By: Michael Brown
“How do I know if my idea will make money?
Is my idea profitable?
How much is my idea worth?
What are the pitfalls to avoid before commercializing an idea?
How do I estimate my ideas value?”
In the blog post Is Your Idea Good? my colleague James Bryant helps you ask the right questions to determine the quality of your idea to others (a key component of value). In this post I want to help you put actual numbers on that idea and consider what first-year sales could look like.
What I am about to show you is a simplified version of the Fourt-Woodlock equation, but first we need to understand some definitions.
1. Final Decision Makers (FDM) – These are all the people that could possibly benefit from your innovation. If your idea is for a new kind of piano, then you FDM could be piano players or piano stores depending on if you want to sell directly or through a distributor.
2. Trial Rate (TR) – This is a percentage that tells you who will be trying your product. Common trial rates for general population (all households in the USA) FDM’s range from .004% – 10.58% based on disruptiveness of the innovation and the marketing capacity.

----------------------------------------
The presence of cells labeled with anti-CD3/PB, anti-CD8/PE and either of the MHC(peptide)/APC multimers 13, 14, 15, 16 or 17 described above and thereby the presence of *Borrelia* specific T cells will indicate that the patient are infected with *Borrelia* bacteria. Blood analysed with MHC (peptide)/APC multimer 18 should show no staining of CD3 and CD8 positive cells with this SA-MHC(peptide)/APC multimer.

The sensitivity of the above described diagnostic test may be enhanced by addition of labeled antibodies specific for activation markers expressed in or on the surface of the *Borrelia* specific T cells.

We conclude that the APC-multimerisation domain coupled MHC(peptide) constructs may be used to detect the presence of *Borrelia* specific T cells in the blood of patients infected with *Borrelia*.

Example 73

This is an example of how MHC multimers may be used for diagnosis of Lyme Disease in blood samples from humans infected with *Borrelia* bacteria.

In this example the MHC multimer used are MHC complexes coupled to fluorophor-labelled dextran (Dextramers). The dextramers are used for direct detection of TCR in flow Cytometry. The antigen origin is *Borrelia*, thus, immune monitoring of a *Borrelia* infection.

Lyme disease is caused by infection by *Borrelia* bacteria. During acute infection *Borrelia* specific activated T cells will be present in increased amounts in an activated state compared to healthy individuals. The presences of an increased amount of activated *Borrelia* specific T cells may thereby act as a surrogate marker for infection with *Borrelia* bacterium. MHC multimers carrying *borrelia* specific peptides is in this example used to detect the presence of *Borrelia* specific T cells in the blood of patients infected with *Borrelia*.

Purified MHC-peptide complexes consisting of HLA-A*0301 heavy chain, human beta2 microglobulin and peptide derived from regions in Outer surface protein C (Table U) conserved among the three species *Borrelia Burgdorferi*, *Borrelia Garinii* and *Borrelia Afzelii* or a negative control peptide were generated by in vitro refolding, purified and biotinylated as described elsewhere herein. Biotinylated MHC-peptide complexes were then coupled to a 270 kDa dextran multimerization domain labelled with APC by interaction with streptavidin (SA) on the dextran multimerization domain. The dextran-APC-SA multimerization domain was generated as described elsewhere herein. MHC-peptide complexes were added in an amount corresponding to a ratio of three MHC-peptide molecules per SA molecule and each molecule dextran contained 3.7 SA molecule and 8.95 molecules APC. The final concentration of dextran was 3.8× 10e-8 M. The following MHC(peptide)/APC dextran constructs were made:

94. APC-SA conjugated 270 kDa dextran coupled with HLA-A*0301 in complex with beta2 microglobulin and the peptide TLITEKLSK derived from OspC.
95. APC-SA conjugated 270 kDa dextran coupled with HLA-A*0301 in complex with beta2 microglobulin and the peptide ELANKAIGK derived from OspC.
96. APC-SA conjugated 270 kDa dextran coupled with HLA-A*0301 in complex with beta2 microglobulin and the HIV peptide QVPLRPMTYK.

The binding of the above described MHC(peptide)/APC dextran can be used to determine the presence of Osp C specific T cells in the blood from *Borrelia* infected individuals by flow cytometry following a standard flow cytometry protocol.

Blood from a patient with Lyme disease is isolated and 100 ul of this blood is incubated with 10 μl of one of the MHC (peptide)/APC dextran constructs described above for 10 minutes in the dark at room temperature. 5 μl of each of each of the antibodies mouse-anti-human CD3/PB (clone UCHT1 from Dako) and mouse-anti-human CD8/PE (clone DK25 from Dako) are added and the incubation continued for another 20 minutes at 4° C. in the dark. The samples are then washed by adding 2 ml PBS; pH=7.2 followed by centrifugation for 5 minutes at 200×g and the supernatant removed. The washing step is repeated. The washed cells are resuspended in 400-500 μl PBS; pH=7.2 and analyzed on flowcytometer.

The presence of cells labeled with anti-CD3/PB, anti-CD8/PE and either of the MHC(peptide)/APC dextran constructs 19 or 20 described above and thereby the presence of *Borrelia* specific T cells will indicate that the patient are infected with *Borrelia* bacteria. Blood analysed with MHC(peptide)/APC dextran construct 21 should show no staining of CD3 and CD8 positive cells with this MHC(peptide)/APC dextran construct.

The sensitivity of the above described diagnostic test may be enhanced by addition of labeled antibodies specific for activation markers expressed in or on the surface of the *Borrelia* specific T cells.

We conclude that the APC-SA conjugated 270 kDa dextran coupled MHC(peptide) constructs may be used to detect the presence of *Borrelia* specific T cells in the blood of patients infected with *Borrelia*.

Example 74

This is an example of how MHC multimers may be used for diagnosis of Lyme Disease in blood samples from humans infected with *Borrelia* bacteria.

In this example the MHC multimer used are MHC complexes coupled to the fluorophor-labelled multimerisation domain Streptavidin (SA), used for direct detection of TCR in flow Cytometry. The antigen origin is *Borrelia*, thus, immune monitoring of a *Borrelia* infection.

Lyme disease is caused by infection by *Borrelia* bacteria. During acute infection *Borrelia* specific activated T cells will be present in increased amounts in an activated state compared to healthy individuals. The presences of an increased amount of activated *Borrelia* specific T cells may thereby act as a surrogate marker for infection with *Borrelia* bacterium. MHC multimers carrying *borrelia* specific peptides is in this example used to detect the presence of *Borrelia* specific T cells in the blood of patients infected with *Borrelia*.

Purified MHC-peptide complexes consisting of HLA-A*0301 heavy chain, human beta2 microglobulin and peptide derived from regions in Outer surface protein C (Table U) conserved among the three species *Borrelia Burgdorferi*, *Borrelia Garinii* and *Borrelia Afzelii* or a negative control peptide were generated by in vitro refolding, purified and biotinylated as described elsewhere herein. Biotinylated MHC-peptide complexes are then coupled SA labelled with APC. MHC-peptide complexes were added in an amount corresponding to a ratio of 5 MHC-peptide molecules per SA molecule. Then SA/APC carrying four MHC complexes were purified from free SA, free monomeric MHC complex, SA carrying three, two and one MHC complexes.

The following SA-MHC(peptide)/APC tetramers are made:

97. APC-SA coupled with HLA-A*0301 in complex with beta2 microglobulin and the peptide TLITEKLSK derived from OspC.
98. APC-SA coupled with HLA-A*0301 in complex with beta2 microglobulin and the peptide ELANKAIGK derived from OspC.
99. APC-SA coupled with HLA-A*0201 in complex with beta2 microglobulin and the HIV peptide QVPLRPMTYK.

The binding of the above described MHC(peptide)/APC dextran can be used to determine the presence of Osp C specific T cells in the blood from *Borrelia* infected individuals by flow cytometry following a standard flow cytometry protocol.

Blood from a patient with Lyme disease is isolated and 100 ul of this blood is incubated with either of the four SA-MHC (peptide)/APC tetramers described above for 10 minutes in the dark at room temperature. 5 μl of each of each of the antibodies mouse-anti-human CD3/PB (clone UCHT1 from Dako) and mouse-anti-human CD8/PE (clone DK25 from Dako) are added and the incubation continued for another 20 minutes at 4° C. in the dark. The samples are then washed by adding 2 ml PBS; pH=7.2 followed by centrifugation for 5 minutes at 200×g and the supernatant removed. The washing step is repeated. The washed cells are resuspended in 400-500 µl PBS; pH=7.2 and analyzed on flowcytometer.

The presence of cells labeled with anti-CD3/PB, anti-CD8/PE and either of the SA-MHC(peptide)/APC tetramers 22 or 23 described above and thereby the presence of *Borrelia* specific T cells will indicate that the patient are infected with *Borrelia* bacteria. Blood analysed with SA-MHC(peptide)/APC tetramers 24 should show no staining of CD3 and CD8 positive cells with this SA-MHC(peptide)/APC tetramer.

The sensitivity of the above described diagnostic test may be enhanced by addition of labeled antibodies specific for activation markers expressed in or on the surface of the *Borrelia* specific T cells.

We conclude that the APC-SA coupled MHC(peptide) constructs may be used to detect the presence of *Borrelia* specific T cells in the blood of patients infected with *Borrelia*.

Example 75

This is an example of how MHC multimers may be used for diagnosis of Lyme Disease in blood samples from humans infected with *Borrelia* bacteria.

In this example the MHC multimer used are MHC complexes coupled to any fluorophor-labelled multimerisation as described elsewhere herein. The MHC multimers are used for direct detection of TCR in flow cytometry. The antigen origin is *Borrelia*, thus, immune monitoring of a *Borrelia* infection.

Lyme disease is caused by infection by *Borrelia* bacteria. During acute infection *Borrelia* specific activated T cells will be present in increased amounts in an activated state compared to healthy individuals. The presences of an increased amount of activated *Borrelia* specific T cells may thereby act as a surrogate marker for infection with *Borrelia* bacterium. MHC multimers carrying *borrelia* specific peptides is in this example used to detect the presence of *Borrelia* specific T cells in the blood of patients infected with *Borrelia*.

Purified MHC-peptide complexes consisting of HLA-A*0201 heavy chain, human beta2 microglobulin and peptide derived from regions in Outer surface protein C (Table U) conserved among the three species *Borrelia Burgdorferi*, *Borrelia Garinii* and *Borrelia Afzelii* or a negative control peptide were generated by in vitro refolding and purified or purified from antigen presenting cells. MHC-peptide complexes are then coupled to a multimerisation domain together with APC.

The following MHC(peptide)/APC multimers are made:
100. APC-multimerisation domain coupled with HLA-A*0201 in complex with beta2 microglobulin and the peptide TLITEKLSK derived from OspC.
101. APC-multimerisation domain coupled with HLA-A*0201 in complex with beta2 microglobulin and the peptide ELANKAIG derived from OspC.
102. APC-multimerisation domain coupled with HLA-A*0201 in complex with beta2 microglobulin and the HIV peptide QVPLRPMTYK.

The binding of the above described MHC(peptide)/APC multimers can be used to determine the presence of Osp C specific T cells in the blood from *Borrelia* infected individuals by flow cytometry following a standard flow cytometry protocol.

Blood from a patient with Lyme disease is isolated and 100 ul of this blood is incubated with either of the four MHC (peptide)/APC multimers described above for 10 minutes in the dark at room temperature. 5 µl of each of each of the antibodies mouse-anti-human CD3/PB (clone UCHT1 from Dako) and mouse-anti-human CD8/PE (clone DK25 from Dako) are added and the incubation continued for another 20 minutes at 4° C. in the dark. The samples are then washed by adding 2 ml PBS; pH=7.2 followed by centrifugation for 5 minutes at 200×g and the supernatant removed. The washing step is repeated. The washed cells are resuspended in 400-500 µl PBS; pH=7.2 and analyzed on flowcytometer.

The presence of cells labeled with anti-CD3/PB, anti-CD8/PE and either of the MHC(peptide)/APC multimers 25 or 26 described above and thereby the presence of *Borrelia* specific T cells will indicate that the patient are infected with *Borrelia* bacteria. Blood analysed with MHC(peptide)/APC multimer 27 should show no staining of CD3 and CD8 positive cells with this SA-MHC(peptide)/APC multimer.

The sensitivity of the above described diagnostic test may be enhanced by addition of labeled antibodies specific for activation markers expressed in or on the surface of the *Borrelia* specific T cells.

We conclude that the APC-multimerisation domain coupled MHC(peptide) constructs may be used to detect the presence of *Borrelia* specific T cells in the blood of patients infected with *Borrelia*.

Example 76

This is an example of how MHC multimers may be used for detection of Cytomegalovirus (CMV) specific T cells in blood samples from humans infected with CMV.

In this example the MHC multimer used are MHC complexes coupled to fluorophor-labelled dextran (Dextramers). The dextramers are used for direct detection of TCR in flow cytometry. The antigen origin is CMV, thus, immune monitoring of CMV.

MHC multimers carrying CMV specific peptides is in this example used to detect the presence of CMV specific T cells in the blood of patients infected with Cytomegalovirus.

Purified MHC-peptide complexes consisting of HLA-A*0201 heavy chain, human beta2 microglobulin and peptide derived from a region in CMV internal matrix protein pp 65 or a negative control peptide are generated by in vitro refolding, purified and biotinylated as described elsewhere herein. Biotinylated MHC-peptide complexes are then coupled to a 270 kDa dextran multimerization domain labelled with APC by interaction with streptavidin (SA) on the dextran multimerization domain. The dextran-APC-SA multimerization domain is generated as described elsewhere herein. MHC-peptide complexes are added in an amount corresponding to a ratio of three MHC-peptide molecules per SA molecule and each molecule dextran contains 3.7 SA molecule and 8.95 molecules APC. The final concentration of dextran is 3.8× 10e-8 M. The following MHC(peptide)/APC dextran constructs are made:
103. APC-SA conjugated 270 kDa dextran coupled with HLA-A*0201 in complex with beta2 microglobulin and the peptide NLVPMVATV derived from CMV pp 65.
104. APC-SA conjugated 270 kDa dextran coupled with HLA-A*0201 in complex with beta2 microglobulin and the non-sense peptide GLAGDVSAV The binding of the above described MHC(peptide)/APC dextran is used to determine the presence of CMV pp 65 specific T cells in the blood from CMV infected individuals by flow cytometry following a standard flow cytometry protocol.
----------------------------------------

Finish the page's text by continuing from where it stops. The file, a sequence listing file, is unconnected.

3. Repeat Rate (RR) – This is the percentage of first time buyers that will buy again in the first year.
4. First Purchase Revenue (FPR) – This is the unit price multiplied by the number of units bought the first time.
5. Repeat Purchase Revenue (RPR) – The amount spent per unit for a repeat purchase i.e. if the price has dropped this is where you consider that.
6. Number of Repeat Purchases (NRP) – Simple enough this is how many times someone will buy again in the first year.
7. Trial Sales (TS) – TS is the amount of revenue from first purchase first time buyers.
8. Repeat Sales (RS) – RS is the amount of money made from all of the repeat sales in the first year.
9. First Year Sales (FYS) – Finally! What we have been working towards. FYS is TS+RS i.e. all of your sales for the first year.
Phew! Now that we have all of the messy details let’s do the fun part. Here is the equation you will want to use to calculate you FYS.
(If you hate equations it’s ok! Just download my spreadsheet here: Custom Fourt Woodlock Calculator and enter in your numbers to find out your FYS).
If you have any questions or suggestions about how to do this better I would love to hear about it. Email me at email@example.com with the title of this blog in the subject.